There are not enough women serving in traditionally all-male combat jobs to determine whether the 3-year-old policy to open all military positions to everyone has been successful, Defense Secretary Jim Mattis told a roomful of future officers Tuesday.
Prompted by a cadet’s question during an appearance at the Virginia Military Institute in Lexington, Mattis said “the jury is out” on whether women belong in close combat jobs, such as the infantry or armor units. The defense secretary’s less than full-throated endorsement of women serving in those roles drew condemnation from some advocates for women serving in combat roles.
“His remarks undermine the fearless women who have selflessly volunteered to serve their country in the most dangerous jobs in the military,” the Service Women’s Action Network, a group that advocates for female servicemembers, said Wednesday in a statement.
Mattis’ immediate predecessor, former Defense Secretary Ash Carter, opened all military jobs to women in 2015 in a controversial decision that was opposed by senior Marine Corps leaders. Top officials with the Pentagon’s other three military services and U.S. Special Operations Command concurred with the decision made by Carter, former President Barack Obama’s final defense secretary, to allow women to serve in front-line combat roles following studies completed by the individual services.
Mattis told the VMI cadets that he and senior uniformed officials, including Gen. Mark Milley, the Army’s chief of staff, and Gen. Robert Neller, the commandant of the Marine Corps, continue to study the issue and hope to have conclusive data soon.
“This is a policy that I inherited, and so far the cadre is so small, we have no data on it,” said Mattis, who retired as a four-star Marine general in 2013 before women could serve in such roles. “We’re hoping to get data soon. There are a few stalwart young ladies who are charging into this, but they are too few.”
Officials with SWAN challenged the lack of data that Mattis cited, accusing him of obstructing the ongoing process of integrating women into once all-male units.
“When the most senior military leader makes it clear that this was not a policy that he supported but one that he ‘inherited’ he is tacitly endorsing efforts to undermine the success of the women currently serving in the infantry and in combat arms,” the group said in the statement. “He is sabotaging the efforts of his men and women who are working to integrate women, and his remarks likely put women at greater risk from those in their units who would do them harm because he has signaled that he doubts women belong in their units.”
Previously, Mattis had indicated in testimony to Congress that he would support female troops serving in the formerly closed positions as long as they could meet the same physical and mental standards that men in those roles must.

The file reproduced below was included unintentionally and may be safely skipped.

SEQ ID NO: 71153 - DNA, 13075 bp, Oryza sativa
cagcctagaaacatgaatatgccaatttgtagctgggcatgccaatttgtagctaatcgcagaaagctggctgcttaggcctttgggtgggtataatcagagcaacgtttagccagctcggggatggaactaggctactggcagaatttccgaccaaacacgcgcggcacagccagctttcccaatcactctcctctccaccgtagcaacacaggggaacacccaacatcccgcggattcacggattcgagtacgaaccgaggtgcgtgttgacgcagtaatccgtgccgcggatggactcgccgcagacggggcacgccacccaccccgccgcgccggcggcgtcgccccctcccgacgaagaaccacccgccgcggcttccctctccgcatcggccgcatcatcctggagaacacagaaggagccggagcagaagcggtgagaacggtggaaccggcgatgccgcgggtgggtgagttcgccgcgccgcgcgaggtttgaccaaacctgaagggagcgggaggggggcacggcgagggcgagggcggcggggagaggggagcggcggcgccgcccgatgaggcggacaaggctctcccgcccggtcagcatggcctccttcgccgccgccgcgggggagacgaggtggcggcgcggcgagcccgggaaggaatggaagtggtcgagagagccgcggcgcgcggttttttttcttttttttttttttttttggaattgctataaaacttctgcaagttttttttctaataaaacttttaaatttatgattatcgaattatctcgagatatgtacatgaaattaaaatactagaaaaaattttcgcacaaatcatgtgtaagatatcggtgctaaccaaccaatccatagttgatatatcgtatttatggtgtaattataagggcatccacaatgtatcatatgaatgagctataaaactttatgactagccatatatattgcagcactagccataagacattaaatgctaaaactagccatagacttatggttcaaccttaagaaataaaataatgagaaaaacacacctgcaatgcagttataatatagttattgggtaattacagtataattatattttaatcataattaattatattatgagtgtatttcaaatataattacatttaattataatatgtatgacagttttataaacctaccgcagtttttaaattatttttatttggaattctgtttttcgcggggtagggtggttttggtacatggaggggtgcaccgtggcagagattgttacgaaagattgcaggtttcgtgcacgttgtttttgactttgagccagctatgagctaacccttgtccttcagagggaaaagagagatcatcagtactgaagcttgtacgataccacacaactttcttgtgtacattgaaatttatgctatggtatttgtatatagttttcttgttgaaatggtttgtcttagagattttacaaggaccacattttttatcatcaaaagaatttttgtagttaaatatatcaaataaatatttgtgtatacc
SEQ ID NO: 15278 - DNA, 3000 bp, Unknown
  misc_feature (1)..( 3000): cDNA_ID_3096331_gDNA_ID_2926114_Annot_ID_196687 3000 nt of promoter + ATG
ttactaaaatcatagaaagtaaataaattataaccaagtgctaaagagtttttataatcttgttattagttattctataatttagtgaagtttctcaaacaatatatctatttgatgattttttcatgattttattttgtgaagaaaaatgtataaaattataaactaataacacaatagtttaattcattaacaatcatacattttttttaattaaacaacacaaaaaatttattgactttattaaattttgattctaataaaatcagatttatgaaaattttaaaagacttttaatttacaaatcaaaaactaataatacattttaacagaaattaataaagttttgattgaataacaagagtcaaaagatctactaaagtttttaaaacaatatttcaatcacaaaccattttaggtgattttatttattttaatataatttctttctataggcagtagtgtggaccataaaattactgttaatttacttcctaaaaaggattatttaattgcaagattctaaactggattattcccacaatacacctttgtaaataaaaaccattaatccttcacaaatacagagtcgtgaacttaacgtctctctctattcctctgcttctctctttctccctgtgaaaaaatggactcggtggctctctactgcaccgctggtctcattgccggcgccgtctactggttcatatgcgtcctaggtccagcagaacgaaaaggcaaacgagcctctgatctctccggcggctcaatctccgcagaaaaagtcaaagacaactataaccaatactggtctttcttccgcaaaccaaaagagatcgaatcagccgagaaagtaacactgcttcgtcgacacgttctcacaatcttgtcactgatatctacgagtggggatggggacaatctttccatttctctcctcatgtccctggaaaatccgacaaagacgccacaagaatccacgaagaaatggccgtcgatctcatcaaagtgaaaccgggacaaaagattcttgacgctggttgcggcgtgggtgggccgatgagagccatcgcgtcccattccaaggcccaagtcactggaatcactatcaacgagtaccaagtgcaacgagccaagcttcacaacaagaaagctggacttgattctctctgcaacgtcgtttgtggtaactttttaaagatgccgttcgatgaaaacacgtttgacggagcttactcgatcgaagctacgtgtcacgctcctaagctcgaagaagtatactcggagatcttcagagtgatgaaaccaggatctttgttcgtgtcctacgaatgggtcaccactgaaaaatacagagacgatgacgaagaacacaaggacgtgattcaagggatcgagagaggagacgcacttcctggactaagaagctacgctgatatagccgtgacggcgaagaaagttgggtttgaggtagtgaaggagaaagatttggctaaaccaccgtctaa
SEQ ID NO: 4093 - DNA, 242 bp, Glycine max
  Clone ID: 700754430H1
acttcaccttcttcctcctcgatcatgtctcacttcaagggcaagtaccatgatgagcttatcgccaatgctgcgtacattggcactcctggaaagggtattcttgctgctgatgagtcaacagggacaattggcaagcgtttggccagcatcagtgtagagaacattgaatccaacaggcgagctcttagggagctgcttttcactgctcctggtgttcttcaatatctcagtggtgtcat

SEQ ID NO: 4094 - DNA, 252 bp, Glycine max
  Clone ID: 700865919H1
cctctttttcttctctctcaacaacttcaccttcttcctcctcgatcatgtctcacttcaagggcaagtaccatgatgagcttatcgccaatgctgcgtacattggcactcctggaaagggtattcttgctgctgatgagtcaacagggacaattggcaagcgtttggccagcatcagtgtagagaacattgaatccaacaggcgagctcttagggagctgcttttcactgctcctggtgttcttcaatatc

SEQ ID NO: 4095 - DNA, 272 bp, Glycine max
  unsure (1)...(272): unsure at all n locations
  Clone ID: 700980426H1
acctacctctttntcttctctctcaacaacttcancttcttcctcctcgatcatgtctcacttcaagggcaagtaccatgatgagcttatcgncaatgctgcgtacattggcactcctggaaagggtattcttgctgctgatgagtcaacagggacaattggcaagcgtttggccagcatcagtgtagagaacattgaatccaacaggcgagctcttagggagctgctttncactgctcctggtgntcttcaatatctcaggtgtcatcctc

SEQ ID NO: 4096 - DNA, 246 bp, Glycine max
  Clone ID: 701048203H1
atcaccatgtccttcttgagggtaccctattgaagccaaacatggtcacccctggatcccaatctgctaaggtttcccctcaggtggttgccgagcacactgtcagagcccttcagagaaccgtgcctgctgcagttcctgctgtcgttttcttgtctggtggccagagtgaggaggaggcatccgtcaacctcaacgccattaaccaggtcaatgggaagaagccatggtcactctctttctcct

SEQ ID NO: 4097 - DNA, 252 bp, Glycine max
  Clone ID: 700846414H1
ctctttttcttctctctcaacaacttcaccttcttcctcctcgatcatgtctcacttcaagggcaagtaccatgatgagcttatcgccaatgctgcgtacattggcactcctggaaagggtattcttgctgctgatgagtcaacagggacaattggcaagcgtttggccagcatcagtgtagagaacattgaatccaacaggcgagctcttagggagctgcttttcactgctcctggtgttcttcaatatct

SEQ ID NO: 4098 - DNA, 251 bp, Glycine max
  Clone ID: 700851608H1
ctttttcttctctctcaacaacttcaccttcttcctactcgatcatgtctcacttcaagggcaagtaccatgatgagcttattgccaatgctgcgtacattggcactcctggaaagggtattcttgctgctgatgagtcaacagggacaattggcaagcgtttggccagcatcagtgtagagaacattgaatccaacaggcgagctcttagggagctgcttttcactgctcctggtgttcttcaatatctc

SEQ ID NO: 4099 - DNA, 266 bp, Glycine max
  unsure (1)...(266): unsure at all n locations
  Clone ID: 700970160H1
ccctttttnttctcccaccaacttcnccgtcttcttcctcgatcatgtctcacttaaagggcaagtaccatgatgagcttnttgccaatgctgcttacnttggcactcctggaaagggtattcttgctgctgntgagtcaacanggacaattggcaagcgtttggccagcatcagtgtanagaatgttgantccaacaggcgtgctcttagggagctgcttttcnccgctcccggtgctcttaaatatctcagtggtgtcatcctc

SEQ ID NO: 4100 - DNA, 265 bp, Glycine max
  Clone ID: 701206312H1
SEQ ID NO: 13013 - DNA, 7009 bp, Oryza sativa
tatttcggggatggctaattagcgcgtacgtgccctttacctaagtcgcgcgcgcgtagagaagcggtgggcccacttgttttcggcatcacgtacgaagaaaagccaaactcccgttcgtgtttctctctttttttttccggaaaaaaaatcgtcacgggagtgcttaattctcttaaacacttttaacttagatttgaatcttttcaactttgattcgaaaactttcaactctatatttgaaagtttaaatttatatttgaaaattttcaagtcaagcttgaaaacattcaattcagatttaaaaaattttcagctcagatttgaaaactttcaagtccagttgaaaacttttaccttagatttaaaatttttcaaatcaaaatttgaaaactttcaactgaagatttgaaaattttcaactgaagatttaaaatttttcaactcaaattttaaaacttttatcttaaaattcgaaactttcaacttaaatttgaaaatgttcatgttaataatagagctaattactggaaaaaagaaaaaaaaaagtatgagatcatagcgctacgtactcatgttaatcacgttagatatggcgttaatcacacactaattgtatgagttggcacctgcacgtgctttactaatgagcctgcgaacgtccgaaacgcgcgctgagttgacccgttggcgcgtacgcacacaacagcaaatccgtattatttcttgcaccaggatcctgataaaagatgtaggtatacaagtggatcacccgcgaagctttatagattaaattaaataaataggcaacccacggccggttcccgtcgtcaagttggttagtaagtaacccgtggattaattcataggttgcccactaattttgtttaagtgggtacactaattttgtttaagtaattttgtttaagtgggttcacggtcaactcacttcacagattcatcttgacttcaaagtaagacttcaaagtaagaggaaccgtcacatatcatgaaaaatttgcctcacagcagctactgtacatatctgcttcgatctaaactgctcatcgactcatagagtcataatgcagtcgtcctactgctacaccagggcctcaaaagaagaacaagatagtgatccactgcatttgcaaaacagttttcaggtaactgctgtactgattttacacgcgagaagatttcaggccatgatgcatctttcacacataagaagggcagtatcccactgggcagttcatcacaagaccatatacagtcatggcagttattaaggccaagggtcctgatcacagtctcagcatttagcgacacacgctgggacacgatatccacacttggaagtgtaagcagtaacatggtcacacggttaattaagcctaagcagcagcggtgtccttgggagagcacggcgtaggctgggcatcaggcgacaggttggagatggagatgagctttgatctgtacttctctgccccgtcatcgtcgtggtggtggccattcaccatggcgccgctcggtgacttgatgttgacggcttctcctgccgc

“I have no plan to oppose women in any aspect of our military,” Mattis told the Senate Armed Services Committee in January 2017 during his confirmation hearing to serve as President Donald Trump’s defense secretary. “The standards are the standards, and when people meet the standards, then that is the end of the discussion on that.”
Army, Marine Corps and Special Operations Command leaders said in 2015 that they expected few women would be interested in serving in close combat roles. Only a small number of women have attempted to join those fields since the ban was lifted. But the numbers are increasing.
Women now in combat jobs have met the same standards to serve as men in the same units and many of them have “excelled,” SWAN said.
The Army has more than doubled the number of women serving in its infantry in 2018. The Army now has 51 female infantry officers and 253 enlisted women serving in the active-duty infantry, according to statistics provided by the service.
The Army has also seen 17 women complete the service’s grueling 62-day Ranger School course designed to push students to their physical and mental limits and test their infantry and leadership skills. The service used that course as its major test of women’s ability to serve in front-line combat jobs. Three of the first 19 women to attempt the course passed it in 2015. Two of those women are now serving as infantry officers.
The Marine Corps, meanwhile, has only one female infantry officer and 26 enlisted women serving in infantry roles, a service spokesman said.
The male VMI cadet who asked Mattis for his thoughts about women serving in infantry units on Tuesday noted he had “badass women” among his classmates, “some physically fitter than I am and smarter than I am.”
Mattis said the issue remained difficult and controversial.
“It’s a very, very tough issue because it goes from some people’s perspective of what kind of society do we want, you know?” Mattis said. “In the event of trouble, you’re sleeping at night in your family home and you’re the dad, mom, whatever. And you hear glass break downstairs, who grabs a baseball bat and gets between the kids’ door and whoever broke in, and who reaches for the phone to call 911?
“In other words, it goes to the most almost primitive needs of a society to look out for its most vulnerable.”
Another advocate for female servicemembers, retired Marine Lt. Col. Kate Germano framed the issue another way, writing on Twitter that she was concerned about Mattis’ comments.
“We need to reframe it as an issue of the talent pool, not individuals,” she wrote. “The question for senior leaders is that they won’t be able to meet … the challenges of our national defense and recruiting pools by relying on less than 50 [percent] of the recruitable population. It’s about talent and the long game.”
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